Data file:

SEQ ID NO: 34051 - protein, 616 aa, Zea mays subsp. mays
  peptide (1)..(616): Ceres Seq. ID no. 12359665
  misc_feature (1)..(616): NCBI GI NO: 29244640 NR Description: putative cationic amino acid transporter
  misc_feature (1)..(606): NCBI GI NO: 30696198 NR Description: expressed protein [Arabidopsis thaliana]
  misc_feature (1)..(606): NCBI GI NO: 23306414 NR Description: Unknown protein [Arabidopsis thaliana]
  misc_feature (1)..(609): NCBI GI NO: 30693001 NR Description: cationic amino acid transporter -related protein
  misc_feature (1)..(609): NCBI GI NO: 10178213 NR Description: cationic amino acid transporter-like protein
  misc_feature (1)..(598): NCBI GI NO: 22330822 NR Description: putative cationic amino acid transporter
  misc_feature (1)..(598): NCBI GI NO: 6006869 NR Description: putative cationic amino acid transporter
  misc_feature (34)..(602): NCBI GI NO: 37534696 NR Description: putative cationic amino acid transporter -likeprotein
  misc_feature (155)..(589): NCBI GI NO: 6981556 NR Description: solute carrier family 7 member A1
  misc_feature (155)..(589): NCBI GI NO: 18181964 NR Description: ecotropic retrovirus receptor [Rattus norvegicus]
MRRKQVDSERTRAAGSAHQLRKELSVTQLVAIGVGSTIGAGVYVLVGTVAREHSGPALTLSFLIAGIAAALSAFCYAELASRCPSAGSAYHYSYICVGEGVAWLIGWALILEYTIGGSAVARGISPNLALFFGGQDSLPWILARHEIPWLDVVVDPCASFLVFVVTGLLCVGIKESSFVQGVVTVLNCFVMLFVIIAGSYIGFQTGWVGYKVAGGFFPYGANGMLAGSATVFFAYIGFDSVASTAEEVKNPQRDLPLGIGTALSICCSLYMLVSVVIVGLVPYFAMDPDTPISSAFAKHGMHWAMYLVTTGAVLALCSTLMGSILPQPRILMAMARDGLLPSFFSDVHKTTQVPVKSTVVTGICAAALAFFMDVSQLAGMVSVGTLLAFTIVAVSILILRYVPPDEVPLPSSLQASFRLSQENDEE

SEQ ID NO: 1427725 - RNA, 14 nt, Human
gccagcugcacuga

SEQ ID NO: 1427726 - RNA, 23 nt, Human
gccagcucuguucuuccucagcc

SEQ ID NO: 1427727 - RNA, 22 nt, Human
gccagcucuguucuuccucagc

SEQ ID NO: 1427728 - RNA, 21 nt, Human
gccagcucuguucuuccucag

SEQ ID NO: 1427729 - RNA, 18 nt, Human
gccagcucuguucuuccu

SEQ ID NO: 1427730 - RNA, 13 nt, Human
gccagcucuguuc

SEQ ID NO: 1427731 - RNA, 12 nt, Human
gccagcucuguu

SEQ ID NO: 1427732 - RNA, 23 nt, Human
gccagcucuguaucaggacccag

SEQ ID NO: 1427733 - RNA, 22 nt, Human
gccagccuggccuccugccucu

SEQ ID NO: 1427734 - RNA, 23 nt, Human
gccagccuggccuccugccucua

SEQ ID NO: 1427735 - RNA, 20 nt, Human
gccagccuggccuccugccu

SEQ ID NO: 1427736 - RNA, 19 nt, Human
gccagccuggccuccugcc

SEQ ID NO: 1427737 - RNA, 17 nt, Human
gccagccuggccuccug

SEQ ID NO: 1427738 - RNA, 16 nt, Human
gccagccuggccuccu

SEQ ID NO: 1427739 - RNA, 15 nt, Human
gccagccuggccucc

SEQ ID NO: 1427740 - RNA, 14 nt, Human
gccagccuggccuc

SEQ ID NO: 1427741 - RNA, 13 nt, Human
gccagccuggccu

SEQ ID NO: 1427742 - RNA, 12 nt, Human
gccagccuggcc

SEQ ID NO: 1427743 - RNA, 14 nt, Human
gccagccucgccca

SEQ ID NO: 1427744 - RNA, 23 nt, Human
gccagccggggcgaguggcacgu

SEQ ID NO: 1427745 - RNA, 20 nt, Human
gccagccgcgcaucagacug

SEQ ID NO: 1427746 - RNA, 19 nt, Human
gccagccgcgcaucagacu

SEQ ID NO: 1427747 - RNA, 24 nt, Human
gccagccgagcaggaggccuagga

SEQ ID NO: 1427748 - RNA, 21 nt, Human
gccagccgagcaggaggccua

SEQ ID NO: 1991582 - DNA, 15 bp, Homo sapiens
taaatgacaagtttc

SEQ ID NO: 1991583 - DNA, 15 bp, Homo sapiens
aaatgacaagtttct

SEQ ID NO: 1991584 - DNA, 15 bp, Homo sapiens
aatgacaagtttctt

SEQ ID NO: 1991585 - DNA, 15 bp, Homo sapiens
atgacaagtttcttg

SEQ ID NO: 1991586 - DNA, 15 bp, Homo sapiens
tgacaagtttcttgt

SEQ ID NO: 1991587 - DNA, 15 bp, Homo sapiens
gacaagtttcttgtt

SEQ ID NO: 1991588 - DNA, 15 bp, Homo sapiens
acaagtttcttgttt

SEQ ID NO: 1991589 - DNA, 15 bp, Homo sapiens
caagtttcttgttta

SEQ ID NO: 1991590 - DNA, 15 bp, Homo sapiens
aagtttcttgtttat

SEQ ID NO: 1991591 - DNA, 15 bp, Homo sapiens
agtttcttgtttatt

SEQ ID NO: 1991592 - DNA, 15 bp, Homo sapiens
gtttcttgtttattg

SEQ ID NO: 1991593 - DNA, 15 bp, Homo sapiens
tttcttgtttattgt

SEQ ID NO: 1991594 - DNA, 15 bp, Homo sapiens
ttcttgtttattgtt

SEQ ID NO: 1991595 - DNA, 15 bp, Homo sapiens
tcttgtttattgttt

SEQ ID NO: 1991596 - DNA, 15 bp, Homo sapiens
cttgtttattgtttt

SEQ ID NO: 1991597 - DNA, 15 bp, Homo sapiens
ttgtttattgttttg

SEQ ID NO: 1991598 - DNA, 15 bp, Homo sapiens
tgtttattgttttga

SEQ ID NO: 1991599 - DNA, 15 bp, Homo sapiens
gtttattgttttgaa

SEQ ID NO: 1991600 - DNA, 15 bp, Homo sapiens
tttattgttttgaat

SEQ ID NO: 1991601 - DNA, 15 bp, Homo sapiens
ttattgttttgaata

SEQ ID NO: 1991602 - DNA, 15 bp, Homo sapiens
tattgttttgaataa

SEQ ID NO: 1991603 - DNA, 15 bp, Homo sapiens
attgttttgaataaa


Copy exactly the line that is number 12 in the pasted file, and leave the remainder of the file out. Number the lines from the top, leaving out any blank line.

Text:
  misc_feature (155)..(589): NCBI GI NO: 18181964 NR Description: ecotropic retrovirus receptor [Rattus norvegicus]